Jack Russell Terrier: Alert and full of personality, these terriers require plenty of exercise but are known for their hardy health.

Beagle: Friendly, curious, and relatively low-maintenance, Beagles make great family companions.

A Note on Terminology

The term “pocket boxer” is often used inconsistently. It most commonly refers to a mix between a Boxer and a smaller breed, typically the Boston Terrier. Less frequent mixes might involve Miniature Pinschers or Jack Russell Terriers.

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Beyond the “Pocket Boxer” Label

If you love the Boxer personality but are looking for a smaller dog, there are other options:

Adopting a mixed breed: Shelters often have wonderful smaller dogs with Boxer-like characteristics.

Responsible breeders of smaller breeds: Research breeds like the Boston Terrier that might offer a similar temperament in a healthier package.


The “pocket boxer” trend raises important questions about designer dogs and ethical breeding. While these mixes can be wonderful companions, it’s vital to prioritize their health and well-being. If you are determined to find a smaller Boxer mix, do thorough research and support only the most reputable and responsible breeders.

The photo featured below the post headline is Credit: GlobalP/istockphoto

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Frequently Asked Question

Are “pocket boxers” purebred dogs?
No, they are mixed breeds, usually involving a Boxer crossed with a smaller breed like the Boston Terrier.

How big does a “pocket boxer” get?
Size varies greatly depending on the mix, but they are generally smaller than a standard Boxer. Expect a weight range between 25-50 pounds as a general guide.

Are there health concerns with “pocket boxers”?
Yes, they are at an increased risk for health issues that can come from downsizing and inheritable conditions from the parent breeds. Common concerns include breathing problems, joint dysplasia, and heart issues.

Is it ethical to breed “pocket boxers”?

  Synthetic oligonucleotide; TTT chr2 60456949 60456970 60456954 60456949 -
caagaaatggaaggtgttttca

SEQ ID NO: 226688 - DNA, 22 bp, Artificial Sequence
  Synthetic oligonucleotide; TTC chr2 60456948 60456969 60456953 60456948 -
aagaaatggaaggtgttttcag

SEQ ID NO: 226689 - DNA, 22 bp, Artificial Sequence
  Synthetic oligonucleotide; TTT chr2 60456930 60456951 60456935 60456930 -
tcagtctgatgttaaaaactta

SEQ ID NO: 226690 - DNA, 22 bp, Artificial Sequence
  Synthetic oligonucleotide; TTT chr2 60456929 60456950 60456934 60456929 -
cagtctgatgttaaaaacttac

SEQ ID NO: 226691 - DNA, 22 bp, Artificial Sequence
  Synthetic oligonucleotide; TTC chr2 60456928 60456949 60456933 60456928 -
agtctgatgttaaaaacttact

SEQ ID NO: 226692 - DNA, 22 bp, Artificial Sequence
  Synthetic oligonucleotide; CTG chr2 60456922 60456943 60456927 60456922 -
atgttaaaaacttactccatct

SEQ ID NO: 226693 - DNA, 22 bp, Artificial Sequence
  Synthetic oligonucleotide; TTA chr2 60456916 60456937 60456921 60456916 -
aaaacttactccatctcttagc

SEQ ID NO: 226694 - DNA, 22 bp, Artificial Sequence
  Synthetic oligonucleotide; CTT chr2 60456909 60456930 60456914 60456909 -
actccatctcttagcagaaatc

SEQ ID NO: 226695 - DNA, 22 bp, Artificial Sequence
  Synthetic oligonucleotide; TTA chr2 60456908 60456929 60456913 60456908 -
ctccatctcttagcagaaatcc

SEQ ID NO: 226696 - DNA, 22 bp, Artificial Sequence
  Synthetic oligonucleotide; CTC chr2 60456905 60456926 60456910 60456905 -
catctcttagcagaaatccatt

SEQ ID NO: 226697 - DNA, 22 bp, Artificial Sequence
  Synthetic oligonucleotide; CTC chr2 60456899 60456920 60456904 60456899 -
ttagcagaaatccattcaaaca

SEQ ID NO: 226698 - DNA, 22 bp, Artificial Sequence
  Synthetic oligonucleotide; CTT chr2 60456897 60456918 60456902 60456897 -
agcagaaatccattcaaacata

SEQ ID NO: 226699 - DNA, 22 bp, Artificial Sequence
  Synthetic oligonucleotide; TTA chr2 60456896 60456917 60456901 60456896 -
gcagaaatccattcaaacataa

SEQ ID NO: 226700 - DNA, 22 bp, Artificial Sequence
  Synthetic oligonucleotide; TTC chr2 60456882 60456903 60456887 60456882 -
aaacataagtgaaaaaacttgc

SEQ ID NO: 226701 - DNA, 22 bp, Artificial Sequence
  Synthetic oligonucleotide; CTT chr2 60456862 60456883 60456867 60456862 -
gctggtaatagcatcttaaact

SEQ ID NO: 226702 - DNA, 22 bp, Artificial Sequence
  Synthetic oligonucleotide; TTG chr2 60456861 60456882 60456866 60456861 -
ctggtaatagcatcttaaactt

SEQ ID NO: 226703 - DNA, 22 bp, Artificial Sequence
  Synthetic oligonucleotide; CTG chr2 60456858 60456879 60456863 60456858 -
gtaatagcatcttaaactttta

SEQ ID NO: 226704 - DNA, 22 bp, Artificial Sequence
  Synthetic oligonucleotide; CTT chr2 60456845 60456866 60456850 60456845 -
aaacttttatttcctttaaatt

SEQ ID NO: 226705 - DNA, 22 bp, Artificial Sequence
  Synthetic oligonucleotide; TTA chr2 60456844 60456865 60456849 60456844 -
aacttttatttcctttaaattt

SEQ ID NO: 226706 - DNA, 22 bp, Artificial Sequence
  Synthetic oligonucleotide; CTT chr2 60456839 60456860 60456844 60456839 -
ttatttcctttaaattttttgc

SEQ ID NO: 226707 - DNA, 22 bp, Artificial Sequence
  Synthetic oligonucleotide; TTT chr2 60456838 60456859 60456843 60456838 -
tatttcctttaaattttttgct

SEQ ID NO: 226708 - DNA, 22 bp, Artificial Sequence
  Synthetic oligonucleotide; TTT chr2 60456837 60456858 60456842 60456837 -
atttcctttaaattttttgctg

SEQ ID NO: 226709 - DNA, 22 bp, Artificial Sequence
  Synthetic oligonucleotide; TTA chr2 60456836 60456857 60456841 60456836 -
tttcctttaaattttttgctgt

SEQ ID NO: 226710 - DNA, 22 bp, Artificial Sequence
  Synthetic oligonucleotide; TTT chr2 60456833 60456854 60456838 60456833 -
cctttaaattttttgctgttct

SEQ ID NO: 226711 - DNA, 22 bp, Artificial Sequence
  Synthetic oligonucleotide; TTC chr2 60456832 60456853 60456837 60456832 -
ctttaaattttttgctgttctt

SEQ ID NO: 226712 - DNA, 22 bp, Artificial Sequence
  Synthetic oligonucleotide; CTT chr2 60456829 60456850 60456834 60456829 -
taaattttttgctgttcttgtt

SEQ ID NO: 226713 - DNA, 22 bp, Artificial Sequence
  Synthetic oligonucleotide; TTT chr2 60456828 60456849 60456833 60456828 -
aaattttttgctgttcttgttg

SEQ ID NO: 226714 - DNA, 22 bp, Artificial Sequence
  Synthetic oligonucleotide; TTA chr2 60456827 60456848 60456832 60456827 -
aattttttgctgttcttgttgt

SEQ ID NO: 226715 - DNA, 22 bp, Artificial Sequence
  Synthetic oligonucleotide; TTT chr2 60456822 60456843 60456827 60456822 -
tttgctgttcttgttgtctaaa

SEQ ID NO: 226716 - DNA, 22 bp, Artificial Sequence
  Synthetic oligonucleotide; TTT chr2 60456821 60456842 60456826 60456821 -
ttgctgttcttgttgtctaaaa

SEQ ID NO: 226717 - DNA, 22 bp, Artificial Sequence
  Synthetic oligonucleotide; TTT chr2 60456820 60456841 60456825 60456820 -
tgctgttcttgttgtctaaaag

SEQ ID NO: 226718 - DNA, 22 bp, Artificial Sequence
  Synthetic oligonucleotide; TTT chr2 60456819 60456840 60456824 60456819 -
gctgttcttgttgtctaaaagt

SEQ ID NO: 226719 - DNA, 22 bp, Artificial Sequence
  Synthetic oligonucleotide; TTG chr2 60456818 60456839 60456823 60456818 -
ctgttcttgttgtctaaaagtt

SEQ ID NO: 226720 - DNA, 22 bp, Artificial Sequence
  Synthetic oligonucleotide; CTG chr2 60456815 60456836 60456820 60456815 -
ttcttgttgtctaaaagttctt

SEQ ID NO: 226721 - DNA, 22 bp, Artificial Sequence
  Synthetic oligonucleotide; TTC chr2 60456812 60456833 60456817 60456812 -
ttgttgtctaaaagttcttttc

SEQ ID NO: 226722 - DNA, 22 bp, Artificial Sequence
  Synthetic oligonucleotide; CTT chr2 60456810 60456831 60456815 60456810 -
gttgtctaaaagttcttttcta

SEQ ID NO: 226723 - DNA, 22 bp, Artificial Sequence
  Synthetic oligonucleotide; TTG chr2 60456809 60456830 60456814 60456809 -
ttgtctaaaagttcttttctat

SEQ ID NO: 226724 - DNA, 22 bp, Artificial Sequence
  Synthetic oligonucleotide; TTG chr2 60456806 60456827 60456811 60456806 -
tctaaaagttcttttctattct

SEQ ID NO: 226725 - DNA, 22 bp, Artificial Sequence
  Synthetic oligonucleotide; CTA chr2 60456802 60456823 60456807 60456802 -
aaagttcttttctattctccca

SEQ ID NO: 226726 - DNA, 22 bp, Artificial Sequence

This is a complex question. It’s vital to choose a breeder who prioritizes the dogs’ health and temperament over simply aiming for a smaller size. Extensive health testing on the parent dogs is a non-negotiable.

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What is the average lifespan of a “pocket boxer”?
A responsibly bred, healthy pocket boxer mix can have a lifespan of 10-12 years, potentially even longer with excellent care.

How much exercise does a pocket boxer need?
Even smaller versions of Boxers have high energy levels. They require daily walks and energetic playtime to prevent boredom and destructive behaviors.

Are pocket boxers good with children?
Boxer mixes inherit a love of people, but their exuberance can be overwhelming for small children. Supervision and teaching children how to safely interact with dogs is essential.

Do pocket boxers bark a lot?
Boxers and their mixes have a tendency to be vocal, whether barking, growling, or those classic Boxer “woo-woos”.

Are pocket boxers hypoallergenic?
No, unfortunately, no mix involving a Boxer will be truly hypoallergenic.

How much does a pocket boxer puppy typically cost? 
Prices fluctuate greatly. Be cautious of puppies offered at extremely low prices, as this may signal a breeder less focused on the dogs’ health and well-being.

Where can I find a reputable breeder of pocket boxers?
Start by researching breed clubs for both Boxers and the smaller breed involved. They may have resources or referrals to ethical breeders.

Is adopting a pocket boxer mix an option?
Absolutely! Shelters and breed-specific rescues often have smaller Boxer mixes in need of loving homes.